Diabetes: Treatment to improve insulin sensitivity could include strawberry and cranberry

Diabetes typically occurs when the body develops an inability to produce enough insulin, or respond to the hormone. Because insulin’s role is to take up blood glucose and convert it to energy, without it blood sugar levels rise. This can cause irreversible damage to the nerves and organs if left untreated. Fortunately, however, the addition of two fruits to your diet could bring blood glucose levels under control.

According to recent data, the burden of diabetes is growing year on year, with caseloads doubling in the past 15 years alone.

A host of factors can predispose individuals to the condition, but where lifestyle is the cause, dietary adjustment can significantly lower one’s risk of developing symptoms.

Certain fruits, for example, help by improving insulin sensitivity and promoting the uptake of blood glucose, due to their antioxidant activity.

A 2017 study published in the British Journal of Nutritional, determined that the polyphenols derived from cranberries and strawberries could boost sensitivity to insulin and reduce blood sugar.

READ MORE: Diabetes symptoms: Experiencing polydipsia ‘all the time’ is an ‘initial’ warning sign

Data collated during the study indicated that six-week consumption of 333 mg polyphenols from strawberries and cranberries significantly improved insulin sensitivity.

The authors, however, stressed that further research was needed to elucidate the activity of these polyphenols, as well as larger and longer-term studies.

But the findings were later echoed in a 2020 study, published in the journal of Current Developments in Nutrition.

The randomized trial, which took place over a 14-week period, studied adults with metabolic syndrome who were assigned to one of three treatments.

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These included a control powder, a serving of strawberries (powder) or 2.5 servings of strawberries (powder).

“The freeze-dried powders were blended in water, and participants consumed half the daily dose in the morning and a half in the evening,” explained the authors.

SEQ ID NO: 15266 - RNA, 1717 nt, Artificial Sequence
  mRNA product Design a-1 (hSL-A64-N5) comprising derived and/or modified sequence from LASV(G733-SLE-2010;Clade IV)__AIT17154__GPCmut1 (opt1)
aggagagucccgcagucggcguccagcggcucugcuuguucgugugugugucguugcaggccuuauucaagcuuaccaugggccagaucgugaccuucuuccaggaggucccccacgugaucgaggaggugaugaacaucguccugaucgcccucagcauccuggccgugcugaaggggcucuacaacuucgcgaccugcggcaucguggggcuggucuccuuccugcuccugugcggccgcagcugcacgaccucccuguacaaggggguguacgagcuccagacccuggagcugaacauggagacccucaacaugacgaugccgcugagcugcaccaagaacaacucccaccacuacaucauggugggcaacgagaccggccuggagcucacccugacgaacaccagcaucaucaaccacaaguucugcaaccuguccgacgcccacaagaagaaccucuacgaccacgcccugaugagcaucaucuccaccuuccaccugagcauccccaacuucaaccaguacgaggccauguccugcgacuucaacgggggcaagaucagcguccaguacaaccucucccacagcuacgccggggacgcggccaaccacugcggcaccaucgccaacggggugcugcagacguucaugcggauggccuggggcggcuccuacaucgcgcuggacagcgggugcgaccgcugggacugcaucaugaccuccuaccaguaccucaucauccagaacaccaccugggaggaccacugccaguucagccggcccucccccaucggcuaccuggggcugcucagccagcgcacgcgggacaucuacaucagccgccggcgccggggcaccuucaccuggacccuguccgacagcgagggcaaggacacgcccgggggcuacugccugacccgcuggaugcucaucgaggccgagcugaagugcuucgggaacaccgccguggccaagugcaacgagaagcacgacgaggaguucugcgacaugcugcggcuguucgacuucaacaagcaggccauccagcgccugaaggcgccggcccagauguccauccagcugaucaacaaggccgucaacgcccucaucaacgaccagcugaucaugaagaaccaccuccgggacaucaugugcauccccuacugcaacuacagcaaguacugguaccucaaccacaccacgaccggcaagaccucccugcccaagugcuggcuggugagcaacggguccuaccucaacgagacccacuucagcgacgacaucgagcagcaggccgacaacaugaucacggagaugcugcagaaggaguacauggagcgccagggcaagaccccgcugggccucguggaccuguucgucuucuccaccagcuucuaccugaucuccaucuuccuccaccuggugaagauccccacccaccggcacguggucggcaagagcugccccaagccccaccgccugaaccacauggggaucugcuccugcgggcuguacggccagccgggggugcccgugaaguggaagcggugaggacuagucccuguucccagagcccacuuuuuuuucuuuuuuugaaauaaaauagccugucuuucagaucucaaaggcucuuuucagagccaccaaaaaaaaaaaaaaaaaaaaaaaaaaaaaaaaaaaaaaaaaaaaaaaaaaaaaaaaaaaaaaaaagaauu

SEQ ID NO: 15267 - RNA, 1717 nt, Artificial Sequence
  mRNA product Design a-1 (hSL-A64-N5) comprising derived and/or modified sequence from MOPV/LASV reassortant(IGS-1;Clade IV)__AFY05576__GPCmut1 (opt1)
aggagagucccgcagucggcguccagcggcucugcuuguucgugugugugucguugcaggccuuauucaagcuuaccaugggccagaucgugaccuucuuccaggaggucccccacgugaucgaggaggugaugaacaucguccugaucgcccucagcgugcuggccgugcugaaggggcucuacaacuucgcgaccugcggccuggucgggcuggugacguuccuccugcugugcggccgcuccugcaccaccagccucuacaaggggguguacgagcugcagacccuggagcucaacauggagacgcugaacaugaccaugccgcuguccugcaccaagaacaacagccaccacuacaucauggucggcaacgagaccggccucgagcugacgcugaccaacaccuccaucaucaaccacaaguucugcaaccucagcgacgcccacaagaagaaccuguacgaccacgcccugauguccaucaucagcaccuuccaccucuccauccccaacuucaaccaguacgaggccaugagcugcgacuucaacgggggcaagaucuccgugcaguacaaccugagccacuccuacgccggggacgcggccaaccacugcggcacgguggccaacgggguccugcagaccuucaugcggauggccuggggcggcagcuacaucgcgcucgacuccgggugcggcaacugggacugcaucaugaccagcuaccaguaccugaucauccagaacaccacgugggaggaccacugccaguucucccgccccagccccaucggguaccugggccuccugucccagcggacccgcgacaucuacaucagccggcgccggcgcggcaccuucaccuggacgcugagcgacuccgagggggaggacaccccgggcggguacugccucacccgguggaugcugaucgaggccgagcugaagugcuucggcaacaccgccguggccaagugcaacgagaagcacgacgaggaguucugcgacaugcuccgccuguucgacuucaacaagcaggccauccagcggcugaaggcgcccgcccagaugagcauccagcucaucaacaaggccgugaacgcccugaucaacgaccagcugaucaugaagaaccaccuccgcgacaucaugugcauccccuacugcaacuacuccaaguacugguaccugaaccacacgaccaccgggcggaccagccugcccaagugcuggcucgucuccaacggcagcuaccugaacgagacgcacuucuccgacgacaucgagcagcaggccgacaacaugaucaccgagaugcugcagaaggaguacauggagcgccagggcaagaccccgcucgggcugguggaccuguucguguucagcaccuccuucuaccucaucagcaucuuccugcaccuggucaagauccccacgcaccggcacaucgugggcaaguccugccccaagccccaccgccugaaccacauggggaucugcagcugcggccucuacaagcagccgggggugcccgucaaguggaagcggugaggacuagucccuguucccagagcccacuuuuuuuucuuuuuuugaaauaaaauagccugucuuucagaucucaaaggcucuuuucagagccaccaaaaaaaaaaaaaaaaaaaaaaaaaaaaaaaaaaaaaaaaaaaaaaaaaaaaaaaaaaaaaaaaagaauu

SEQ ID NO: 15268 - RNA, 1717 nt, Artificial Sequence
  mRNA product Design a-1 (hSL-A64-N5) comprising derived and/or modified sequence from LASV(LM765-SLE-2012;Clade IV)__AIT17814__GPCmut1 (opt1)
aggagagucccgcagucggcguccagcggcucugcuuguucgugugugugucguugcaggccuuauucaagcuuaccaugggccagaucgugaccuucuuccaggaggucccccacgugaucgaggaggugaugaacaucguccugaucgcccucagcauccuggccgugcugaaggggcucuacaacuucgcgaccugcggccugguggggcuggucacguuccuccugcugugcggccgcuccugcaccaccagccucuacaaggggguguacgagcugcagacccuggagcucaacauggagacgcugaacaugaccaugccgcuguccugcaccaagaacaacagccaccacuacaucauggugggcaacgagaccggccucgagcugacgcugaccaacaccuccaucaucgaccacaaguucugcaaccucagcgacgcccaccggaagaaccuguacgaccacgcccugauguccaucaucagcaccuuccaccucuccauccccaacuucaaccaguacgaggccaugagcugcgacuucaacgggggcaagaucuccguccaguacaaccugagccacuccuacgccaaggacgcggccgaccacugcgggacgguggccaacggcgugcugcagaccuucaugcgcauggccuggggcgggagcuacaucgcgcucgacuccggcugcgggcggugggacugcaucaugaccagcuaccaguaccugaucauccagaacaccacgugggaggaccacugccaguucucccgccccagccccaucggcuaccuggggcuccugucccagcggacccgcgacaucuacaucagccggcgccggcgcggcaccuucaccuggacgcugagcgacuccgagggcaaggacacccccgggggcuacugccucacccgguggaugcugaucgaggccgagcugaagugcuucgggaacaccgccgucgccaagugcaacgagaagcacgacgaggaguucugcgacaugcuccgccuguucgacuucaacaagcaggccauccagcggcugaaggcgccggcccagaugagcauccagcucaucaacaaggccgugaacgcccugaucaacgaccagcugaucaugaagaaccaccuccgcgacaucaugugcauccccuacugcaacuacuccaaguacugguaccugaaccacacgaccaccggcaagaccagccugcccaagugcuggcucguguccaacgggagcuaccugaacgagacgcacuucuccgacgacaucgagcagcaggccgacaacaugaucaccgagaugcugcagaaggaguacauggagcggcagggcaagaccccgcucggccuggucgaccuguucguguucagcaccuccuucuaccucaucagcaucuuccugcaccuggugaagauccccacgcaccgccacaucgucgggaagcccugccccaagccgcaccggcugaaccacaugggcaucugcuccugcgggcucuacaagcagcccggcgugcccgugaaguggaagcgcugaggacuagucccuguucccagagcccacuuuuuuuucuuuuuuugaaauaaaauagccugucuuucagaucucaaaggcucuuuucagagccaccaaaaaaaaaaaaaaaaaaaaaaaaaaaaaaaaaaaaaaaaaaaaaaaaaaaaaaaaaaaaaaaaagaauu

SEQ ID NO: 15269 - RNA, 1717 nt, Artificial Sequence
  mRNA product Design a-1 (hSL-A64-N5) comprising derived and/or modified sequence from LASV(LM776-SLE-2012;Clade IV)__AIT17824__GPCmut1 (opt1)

Participants were asked to follow their habitual diet and lifestyle while refraining from eating other berries.

The authors of the study noted: “These data suggest that consuming strawberries at 2.5 servings daily for four weeks significantly improved insulin resistance and LDL particle profile in adults with metabolic syndrome.”

An earlier 2008 study, carried out on type 2 diabetes, yielded similar results, confirming cranberry juice could help control blood sugar among diabetics.

Previous research has concluded that the benefits of polyphenols for diabetics occur through different mechanisms.

By promoting the uptake of glucose in tissues, it’s been suggested polyphenols can therefore improve insulin sensitivity.

By improving insulin signal, the fruits allow blood sugar to move out of the bloodstream and more quickly into cells.

This could help reduce inflammation levels throughout the body, especially when the fruit is consumed within two hours of a meal, according to some studies.

What are polyphenols?

Polyphenols are a large group of phytochemicals that can be broken down into different types.

Among other fruits, apples, grapes, berries and pears contain some of the highest amounts of polyphenols.

But other known dietary sources include vegetables, chocolate, tea, whole grains, dry legumes, nuts and olive oil.

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